They want to sell the fish to Japan because they can make more doing so, they don't need them to eat.

It is true that due to its economic success, and the nature of "The Market" (global capitalism that allows anyone to kill anything if there's a dollar in it) Japan has come to consume far more marine produce that it actually needs to, the tuna being a pefect example.

It was not like this even back in the 1970s but we are clearly racing towards very serious environmental crises born out of greed, idiocy and selfishness.

China is late to the party and wants to cash in as much as possible. Russia has not had the greatest of records at sticking to international agreements.

In this case, I would trust Japan far above both of them to make and stick to international agreement.

Taiwan was recently sanctioned by the EU for illegal fishing.

It exports more than half of its US$3.38 billion fisheries production, with more than 90% of tuna going to the US and Japan.

So it's not about fish nor even national rights, it's about profit and greed. Taiwan has the biggest tuna fleet in the Pacific, its fishery is out of control.

All of the major Asian nations have far too many boats and too little control.

In one sense, the root of going right back not even to US or Japanese consumers, but the banks giving too many easy loans, to too many companies and individuals, to buy too many boats, that now need paid off.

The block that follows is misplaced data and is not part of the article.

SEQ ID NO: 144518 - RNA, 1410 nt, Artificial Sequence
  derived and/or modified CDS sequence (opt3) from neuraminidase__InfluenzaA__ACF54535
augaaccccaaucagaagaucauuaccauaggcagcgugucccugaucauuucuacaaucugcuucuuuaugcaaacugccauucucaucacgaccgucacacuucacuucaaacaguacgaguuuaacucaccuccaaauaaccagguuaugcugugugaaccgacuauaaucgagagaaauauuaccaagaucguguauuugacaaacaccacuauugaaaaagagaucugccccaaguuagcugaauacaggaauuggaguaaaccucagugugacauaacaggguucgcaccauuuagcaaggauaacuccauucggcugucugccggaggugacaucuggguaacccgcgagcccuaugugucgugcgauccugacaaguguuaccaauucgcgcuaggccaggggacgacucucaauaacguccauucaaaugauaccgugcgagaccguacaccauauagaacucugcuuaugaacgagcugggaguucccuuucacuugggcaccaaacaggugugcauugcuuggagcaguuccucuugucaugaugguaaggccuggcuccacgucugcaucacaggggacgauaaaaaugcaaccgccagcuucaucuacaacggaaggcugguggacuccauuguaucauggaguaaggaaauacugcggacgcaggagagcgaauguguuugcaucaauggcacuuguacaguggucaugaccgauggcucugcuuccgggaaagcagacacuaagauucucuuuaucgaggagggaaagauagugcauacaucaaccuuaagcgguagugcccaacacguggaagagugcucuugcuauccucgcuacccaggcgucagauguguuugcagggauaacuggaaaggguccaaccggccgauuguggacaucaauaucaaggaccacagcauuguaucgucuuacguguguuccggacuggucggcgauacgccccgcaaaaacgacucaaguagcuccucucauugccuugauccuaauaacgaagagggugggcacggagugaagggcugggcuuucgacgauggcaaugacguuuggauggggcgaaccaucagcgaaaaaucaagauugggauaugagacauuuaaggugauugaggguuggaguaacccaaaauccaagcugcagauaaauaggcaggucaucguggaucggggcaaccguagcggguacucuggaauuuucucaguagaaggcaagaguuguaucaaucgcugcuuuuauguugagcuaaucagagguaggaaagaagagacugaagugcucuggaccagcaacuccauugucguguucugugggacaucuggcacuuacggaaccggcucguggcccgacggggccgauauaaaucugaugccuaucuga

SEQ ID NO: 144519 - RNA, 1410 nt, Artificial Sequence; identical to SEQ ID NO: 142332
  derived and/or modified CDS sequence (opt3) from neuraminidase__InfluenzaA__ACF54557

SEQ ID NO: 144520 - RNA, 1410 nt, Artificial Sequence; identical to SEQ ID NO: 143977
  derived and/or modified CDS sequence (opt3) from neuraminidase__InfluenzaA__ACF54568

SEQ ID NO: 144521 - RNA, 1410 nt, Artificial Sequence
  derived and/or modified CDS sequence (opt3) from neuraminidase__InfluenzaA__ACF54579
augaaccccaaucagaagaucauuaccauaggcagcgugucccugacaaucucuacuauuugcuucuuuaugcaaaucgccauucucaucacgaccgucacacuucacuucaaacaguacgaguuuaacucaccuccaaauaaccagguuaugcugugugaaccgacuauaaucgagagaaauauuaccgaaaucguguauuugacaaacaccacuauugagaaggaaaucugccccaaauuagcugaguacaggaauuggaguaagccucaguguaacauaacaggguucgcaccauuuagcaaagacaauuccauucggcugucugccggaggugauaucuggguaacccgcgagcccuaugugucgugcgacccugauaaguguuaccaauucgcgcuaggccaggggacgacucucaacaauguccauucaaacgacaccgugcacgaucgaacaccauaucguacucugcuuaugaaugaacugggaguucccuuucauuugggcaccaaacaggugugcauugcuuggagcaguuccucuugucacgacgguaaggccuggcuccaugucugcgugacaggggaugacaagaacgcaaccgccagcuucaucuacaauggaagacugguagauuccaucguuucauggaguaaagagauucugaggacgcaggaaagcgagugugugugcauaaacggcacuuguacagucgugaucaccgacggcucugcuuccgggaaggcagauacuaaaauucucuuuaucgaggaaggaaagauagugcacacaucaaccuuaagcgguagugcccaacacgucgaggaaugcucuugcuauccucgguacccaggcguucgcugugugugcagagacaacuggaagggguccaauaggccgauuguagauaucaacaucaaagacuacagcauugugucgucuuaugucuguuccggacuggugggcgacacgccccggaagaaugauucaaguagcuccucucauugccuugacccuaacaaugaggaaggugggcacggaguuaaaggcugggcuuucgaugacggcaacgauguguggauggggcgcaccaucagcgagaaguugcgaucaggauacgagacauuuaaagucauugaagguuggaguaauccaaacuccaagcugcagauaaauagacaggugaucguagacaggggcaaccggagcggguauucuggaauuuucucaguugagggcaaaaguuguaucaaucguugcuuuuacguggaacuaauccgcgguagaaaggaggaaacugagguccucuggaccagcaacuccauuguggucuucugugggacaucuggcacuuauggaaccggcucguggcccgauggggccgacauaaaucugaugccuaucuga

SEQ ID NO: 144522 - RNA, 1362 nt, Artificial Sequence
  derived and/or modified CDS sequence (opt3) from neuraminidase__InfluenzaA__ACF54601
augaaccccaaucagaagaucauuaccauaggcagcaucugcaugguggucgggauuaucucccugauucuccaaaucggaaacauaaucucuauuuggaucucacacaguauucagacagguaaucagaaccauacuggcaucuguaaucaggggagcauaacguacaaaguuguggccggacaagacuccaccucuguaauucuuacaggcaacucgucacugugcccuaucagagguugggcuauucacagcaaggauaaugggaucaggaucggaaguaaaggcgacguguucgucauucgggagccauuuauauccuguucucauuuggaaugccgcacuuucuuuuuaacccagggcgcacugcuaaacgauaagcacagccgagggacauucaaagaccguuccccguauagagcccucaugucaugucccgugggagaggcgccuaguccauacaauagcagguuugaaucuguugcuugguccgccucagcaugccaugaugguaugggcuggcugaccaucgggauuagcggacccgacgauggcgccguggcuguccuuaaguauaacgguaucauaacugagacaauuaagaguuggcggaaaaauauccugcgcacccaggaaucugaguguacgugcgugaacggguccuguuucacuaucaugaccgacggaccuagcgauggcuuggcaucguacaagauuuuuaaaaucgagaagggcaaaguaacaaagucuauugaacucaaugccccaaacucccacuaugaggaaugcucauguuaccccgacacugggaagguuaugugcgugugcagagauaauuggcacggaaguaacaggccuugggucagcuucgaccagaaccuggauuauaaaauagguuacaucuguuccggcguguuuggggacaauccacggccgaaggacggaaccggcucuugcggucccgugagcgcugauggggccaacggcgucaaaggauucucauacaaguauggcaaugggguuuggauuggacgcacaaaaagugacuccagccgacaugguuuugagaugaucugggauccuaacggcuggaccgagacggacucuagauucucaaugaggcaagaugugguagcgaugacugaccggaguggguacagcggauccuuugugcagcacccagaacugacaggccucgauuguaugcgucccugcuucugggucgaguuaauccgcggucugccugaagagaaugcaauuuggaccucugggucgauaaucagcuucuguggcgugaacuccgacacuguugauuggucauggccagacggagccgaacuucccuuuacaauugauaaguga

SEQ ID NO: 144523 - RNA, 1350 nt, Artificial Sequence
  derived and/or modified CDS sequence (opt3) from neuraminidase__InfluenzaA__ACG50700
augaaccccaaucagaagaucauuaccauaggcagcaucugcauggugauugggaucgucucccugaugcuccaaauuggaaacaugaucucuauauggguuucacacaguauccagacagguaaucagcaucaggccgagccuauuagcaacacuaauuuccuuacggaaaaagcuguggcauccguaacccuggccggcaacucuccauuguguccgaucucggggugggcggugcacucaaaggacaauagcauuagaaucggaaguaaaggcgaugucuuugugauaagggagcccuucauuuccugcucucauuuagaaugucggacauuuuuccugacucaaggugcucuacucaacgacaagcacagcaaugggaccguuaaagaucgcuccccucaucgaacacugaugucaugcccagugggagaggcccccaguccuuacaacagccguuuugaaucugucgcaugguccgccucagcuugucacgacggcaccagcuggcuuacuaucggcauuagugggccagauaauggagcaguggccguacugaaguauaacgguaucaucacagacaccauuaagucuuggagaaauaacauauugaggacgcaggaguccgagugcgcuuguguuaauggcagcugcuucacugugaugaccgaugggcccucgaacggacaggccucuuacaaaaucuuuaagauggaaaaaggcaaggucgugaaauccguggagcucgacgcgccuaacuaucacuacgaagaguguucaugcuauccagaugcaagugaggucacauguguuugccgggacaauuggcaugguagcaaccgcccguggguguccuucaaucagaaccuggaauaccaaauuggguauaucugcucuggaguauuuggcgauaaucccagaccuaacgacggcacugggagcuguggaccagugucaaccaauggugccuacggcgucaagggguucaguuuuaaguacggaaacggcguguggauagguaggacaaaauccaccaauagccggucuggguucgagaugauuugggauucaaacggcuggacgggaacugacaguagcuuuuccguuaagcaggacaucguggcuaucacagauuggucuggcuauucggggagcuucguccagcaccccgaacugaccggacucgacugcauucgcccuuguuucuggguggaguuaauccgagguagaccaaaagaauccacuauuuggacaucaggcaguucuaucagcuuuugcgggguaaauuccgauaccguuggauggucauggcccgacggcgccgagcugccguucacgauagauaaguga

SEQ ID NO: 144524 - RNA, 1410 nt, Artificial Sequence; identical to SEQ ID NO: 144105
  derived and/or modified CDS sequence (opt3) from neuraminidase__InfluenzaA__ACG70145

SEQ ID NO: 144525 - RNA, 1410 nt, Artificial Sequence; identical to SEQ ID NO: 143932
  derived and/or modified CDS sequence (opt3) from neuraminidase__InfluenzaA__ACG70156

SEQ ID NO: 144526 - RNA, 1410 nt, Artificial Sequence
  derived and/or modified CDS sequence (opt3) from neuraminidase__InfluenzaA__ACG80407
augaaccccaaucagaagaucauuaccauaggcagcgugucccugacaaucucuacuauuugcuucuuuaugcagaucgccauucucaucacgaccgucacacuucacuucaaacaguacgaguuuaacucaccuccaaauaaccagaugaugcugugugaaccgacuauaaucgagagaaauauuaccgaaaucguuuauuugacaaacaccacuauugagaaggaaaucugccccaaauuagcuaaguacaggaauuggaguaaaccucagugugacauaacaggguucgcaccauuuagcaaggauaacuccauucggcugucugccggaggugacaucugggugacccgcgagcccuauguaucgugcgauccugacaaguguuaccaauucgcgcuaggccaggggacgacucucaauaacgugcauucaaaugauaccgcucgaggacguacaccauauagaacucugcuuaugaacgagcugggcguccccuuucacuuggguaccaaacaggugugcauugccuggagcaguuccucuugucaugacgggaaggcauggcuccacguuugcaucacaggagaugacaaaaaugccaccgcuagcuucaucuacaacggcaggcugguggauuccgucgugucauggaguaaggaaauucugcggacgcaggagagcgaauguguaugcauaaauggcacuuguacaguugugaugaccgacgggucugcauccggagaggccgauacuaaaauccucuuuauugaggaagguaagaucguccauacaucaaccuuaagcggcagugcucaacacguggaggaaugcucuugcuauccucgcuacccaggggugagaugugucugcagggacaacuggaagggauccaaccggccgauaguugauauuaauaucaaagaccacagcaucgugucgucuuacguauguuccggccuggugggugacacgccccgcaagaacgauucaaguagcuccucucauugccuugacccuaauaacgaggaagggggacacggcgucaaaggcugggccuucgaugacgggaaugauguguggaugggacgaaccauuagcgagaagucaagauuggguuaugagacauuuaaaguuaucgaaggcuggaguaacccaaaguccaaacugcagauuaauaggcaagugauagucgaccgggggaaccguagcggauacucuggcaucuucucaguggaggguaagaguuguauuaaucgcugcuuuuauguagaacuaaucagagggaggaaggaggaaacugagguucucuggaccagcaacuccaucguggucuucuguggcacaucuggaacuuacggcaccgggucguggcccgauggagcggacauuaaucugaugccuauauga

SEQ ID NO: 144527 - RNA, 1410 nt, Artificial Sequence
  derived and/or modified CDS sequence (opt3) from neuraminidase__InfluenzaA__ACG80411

It's another out of control banking racket heading to hit the fan.

-1 ( +3 / -4 )

The decline in Japan's catch "could be due to various environmental factors. We can't say that overfishing is the only cause," said Hideaki Kidokoro of the Tohoku National Fisheries Research Institute.

Higher temperatures in Japan's surrounding waters are thought to be one reason for smaller saury catches.

So, when all else fails, just blame it on global warming. There is no evidence to connect warmer sea temps with saory stocks. However, there is plenty of evidence to support overfishing. You only have to go into your local supermarket to see that. Saory used to be a secondary catch, but due to the decline in populations of other more palatable fish (bonito, mackerel, etc) due to overfishing, it became a main target fish. I'm afraid that all these countries are arguing over scraps.

1 ( +1 / -0 )

For a small country, Japan is doing a lot to decimate tuna populations in the Mediterranean.

1 ( +1 / -0 )

Mediterranean Tuna is NOT fished by Japan but overfished by Mediterranean Countries.

Europe, USA, etc have increased their Tuna consumption a lot with the increasing Sushi Restaurants worldwide.

-1 ( +0 / -1 )

In all fairness, Mediterranean tuna fisheries are driven by the Japanese demand, and demand for so called Japanese sushi overseas.

Mitsubishi owns about 40% of the world market in bluefin tuna, one of the world's most endangered fish, and is engaging in a "futures market" of it, freezing, storing and selling as and when the prices fluctuate.

If the Chinese market continues to grow at its current rate, it will lead to extinction.

-1 ( +0 / -1 )